Who knew there was so much crap in my head?

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I started my Morning Pages practice in this Seven Seas Writer on June 25, 2016 with the words, “The first day of what I hope becomes a life-long habit*—to get up and write in this book—or any book—before doing anything else.” [*Well, life-long from here on out. I’m a notoriously late-bloomer.]

I’d already filled a few pages with infrequent entries that spanned about 13 months. That’s the story of my journaling life. Months between entries. Fit and starts. Abandoned journals. So many abandoned journals.

But something clicked on that June day, and I made a vow to write every morning and to FINALLY fill an entire journal. How many vows I’ve made in my life. A vow to keep the kitchen counter clear. Fail. A vow to put away my clothes rather than stacking them on the trunk at the foot of my bed. Fail. Vows and I have a checkered history.

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But this one—this vow to religiously write my morning pages—took root. On April 24, 2017, I wrote the final sentence in this particular journal—”The mad rush of the week begins soon. For now I’m just enjoying filling these pages, then meditating. A little more time for peace and quiet. A blessing.”

I’ll be honest, I don’t write every day. Weekend mornings can be tricky because our sleep schedule and responsibilities vary, but during the work week, I’m up at 5:30 am to put pen to paper. Without hesitation. This feels like a miracle to me, as I am distinctly NOT a morning person. Yet I always look forward to sitting at my desk, even though I’m bleary eyed and a little disoriented with sleep and the haze of frantic dreams. It’s a miracle that this practice has stuck. That there is always something to say. To be grateful for. To work through. To ponder. To explore. Feelings, thoughts, difficulties, and joys—all there to be examined and recorded. This makes me feel a little brave.

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480 pages filled one letter, word, sentence, page at a time. Colorful inks flow from cherished pens onto the luscious Tomoe River paper. It’s like eating dessert before the day begins—a treat, a privilege, a joy. This writing fills me up and calms me down. The effect is almost medicinal.

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With the Writer finished, I immediately started journaling in a Seven Seas Crossfield that I’ve had waiting in the wings. The cross grid is tighter in this book than the lines were in the Writer—5 mm vs. 7 mm—so the pages take me a little longer to write and look more dense when they’re filled. But this is not a race. This is a practice—a practice that is now as important to me as breathing.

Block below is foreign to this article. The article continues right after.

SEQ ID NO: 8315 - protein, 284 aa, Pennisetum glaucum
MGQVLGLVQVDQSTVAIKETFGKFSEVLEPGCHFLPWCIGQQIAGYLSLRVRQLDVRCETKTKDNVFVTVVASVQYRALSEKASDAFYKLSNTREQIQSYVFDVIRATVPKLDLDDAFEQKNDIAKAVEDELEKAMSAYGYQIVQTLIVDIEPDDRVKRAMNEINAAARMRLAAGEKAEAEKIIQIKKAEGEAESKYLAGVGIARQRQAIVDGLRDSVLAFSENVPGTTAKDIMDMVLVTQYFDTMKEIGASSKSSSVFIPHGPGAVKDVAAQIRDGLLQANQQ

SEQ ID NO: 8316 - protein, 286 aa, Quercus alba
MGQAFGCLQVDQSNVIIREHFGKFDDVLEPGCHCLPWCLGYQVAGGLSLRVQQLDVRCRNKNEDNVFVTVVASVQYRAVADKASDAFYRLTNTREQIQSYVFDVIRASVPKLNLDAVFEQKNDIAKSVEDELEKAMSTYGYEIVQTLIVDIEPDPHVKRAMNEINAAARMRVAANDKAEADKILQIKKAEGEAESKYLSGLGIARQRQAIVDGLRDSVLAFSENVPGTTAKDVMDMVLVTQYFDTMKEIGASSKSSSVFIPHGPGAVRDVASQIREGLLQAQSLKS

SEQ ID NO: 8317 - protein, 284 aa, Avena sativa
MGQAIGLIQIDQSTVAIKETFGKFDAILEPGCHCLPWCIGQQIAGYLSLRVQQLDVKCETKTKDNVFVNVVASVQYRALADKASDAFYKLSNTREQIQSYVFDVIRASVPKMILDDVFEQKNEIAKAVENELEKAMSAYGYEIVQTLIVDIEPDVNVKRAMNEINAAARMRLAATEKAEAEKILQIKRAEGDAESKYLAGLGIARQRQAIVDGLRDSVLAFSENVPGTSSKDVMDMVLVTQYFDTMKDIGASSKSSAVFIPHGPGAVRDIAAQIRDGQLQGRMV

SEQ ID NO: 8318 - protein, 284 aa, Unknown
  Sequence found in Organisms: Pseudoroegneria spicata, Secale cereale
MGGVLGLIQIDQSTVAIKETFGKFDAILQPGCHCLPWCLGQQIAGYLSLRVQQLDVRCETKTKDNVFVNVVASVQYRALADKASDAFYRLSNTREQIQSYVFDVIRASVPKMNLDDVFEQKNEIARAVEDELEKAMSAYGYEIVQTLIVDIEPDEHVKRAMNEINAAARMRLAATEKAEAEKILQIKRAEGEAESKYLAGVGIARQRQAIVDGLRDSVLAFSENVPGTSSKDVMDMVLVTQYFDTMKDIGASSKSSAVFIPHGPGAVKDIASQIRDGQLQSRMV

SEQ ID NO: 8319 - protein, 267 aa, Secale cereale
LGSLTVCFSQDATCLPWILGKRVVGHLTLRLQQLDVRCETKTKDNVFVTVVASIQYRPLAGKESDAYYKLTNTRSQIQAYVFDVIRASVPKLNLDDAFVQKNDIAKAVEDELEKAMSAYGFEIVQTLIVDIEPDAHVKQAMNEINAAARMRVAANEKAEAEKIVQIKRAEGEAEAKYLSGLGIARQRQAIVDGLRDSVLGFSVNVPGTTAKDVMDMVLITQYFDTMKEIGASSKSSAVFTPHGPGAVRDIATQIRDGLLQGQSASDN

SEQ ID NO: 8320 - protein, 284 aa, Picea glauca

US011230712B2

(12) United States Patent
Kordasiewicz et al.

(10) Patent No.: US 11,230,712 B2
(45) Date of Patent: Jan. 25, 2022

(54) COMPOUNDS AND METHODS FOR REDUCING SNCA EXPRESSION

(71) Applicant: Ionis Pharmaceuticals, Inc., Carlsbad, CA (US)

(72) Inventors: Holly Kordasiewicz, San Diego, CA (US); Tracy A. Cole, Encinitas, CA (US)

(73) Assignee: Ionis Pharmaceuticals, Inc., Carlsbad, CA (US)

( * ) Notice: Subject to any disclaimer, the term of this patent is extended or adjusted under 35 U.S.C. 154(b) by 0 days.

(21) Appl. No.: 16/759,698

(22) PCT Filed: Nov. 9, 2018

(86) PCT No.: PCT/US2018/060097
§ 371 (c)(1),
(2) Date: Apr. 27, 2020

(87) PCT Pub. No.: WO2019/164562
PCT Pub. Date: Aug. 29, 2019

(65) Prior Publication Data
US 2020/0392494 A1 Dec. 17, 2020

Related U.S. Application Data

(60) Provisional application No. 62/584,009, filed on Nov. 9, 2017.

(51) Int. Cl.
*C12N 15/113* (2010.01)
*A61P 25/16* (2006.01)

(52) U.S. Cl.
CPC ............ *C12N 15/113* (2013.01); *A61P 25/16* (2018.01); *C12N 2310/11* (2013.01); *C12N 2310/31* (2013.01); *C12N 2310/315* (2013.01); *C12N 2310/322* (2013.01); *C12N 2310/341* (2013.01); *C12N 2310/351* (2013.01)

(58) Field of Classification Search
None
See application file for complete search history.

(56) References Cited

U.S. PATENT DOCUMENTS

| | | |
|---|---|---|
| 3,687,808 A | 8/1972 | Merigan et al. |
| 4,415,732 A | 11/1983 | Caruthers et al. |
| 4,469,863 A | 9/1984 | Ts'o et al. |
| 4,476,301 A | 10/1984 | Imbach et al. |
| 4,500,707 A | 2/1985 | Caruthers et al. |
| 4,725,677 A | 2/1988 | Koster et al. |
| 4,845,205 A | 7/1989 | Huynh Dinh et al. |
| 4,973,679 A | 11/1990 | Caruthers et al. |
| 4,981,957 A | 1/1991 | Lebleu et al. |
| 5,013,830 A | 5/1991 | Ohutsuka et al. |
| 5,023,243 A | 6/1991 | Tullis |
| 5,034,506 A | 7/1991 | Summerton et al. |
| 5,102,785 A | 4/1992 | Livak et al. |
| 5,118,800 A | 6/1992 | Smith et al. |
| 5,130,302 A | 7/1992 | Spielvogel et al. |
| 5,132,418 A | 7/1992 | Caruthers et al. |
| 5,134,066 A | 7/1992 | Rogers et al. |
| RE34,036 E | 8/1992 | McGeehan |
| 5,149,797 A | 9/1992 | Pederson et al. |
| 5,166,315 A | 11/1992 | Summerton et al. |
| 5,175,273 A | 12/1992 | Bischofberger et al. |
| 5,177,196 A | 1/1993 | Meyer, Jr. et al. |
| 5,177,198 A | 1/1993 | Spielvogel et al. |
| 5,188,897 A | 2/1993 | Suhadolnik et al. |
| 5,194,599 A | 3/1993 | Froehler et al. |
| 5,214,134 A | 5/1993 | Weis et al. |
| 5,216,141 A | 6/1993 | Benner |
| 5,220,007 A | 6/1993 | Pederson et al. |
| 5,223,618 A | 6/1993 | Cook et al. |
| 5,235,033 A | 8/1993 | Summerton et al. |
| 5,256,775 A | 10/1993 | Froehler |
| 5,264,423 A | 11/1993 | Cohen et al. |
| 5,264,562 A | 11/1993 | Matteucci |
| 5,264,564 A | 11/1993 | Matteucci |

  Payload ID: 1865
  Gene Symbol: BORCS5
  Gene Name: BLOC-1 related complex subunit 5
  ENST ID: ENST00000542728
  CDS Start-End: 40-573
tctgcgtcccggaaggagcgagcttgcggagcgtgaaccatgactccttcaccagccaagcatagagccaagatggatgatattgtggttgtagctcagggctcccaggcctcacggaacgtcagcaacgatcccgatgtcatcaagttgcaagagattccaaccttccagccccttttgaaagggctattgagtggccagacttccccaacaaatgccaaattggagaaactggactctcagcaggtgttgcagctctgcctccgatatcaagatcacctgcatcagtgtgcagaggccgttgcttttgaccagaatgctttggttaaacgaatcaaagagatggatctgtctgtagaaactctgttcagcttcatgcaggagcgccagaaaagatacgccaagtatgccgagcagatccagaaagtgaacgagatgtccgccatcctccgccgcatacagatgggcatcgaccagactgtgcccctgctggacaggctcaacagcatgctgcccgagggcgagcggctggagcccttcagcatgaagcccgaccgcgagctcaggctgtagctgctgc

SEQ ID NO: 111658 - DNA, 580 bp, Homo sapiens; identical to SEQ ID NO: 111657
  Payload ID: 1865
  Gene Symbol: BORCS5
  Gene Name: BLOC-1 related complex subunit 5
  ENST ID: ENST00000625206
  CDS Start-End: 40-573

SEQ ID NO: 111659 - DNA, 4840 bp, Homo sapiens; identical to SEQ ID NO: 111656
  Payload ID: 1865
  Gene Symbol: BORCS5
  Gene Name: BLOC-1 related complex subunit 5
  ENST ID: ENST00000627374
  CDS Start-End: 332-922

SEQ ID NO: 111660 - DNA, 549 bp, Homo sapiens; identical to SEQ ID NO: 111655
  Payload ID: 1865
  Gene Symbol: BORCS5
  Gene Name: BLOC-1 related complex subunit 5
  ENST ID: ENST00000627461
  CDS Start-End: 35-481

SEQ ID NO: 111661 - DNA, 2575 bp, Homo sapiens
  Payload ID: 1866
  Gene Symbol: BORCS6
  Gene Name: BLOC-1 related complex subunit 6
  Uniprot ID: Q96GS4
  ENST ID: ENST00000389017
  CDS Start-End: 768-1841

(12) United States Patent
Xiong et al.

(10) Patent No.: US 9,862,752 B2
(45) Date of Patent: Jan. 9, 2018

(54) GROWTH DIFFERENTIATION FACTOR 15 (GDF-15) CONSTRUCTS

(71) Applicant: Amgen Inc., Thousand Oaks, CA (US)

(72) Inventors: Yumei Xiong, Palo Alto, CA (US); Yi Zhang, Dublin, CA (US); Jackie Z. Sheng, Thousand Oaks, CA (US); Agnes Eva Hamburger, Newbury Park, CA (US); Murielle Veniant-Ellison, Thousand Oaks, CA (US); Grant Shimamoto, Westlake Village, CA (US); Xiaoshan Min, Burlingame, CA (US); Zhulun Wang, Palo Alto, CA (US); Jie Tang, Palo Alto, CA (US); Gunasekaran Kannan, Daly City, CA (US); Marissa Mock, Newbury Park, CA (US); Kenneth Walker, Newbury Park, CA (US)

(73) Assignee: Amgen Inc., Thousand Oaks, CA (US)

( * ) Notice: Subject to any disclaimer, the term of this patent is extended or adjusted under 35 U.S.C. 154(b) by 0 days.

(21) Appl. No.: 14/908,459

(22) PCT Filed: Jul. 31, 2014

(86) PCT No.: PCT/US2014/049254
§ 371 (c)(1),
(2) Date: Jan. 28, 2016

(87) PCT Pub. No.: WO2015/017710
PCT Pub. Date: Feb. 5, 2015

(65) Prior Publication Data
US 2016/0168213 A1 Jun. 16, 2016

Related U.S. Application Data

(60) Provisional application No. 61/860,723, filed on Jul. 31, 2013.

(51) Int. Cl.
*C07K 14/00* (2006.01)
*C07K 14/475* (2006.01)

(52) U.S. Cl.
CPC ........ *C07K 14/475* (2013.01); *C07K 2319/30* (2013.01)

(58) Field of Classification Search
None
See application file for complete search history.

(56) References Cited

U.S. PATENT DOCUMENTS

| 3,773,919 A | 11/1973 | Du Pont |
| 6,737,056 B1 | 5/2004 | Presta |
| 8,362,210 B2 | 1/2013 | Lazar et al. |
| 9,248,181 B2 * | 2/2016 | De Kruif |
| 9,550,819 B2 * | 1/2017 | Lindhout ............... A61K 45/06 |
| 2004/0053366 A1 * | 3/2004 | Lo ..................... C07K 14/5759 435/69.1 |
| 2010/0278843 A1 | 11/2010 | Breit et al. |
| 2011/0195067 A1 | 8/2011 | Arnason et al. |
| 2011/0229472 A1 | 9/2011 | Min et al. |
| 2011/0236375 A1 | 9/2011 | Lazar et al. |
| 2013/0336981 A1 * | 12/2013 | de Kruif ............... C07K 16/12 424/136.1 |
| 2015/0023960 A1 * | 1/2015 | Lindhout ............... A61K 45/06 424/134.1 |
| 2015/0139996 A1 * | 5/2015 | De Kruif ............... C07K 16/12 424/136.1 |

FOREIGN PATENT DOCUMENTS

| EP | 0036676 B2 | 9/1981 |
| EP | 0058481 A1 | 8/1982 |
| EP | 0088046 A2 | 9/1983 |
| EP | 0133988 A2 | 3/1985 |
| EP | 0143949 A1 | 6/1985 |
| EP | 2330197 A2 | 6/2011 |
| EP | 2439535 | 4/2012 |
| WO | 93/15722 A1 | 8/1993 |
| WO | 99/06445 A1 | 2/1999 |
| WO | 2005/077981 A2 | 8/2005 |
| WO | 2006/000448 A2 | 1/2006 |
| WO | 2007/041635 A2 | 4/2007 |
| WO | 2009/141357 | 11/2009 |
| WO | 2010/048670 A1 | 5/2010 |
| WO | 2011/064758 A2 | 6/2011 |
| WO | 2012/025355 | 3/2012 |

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One letter. One line. One page.

Forever.

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10 thoughts on “Who knew there was so much crap in my head?

  1. Mary, thanks for this lovely post! I went through the same experience as you: I never thought of myself as regular journaler, and I have the bodies of notebooks with a few pages written in them to prove as much. When I started journaling again in a pocket-sized Rhodia Webbie about two years ago I certainly didn’t think it would stick… and here I am, with a Nanami Paper Seven Seas Standard under my belt, forty pages into a new book. I don’t think I could ever wake up at 5:30 am to write (I’m very much a night owl, cracking open my journal around 2 am) but I’m glad that you’ve found a routine that works for you! Here’s to many more pages filled!

  2. I, too, have a checkered history with journals and the path behind me is littered with my failed attempts. I’m inspired by this post – thanks!

  3. O.k. That’s it. You’ve inspired me. I start tomorrow. Or the next day. Definitely some time this month. (Great post!)

  4. A lovely post, and inspiring for someone, who like you, always starts and stops, especially when it comes to journaling and notebooks. I have a Nanami Standard on my desk that I have been waiting for the right moment/date/event/words to start. I love that you know the date, and it doesn’t appear to anything special, other than the date you started. Gives me hope!

  5. Very nice! I have yet to fill a Seven Seas notebook, but in recent years my journaling has been sporadic. I recently made a concerted effort to start again so hopefully I’ll fill one eventually! (I’m also using a Seven seas notebook as a bullet journal / everyday dumping ground, but I hope that lasts forever because I have lots of random notes in there!!)

  6. I’m enjoying my fourth Seven Seas. Three have been Writers, My current one – nearly finished – is a Crossfield.

    I’d love to know what cover you have on yours? I very much like the contrasting stitching.

  7. I waited forever for my Seven Seas–because I live in Canada, the shipping was half the price of the notebook. Finally went for it and I have never looked back. It has only been a year or so since I started writing daily and I had several notebooks before I got my Seven Seas and I am glad for that because it gave me some “rules”: the page doesn’t have to be perfect, ink blobs will happen, some entries are shorter than others etcetera. It took awhile but finally I crossed over the most restrictive rule (I can use any ink I want!) and I have not looked back since then. At this point, writing in my journal is like a treat rather than a chore or obligation. I look forward to it everyday and sometimes multiple times a day.

  8. Pingback: Sunday Reads: Pen People And Pen Stuff | An Inkophile's Blog

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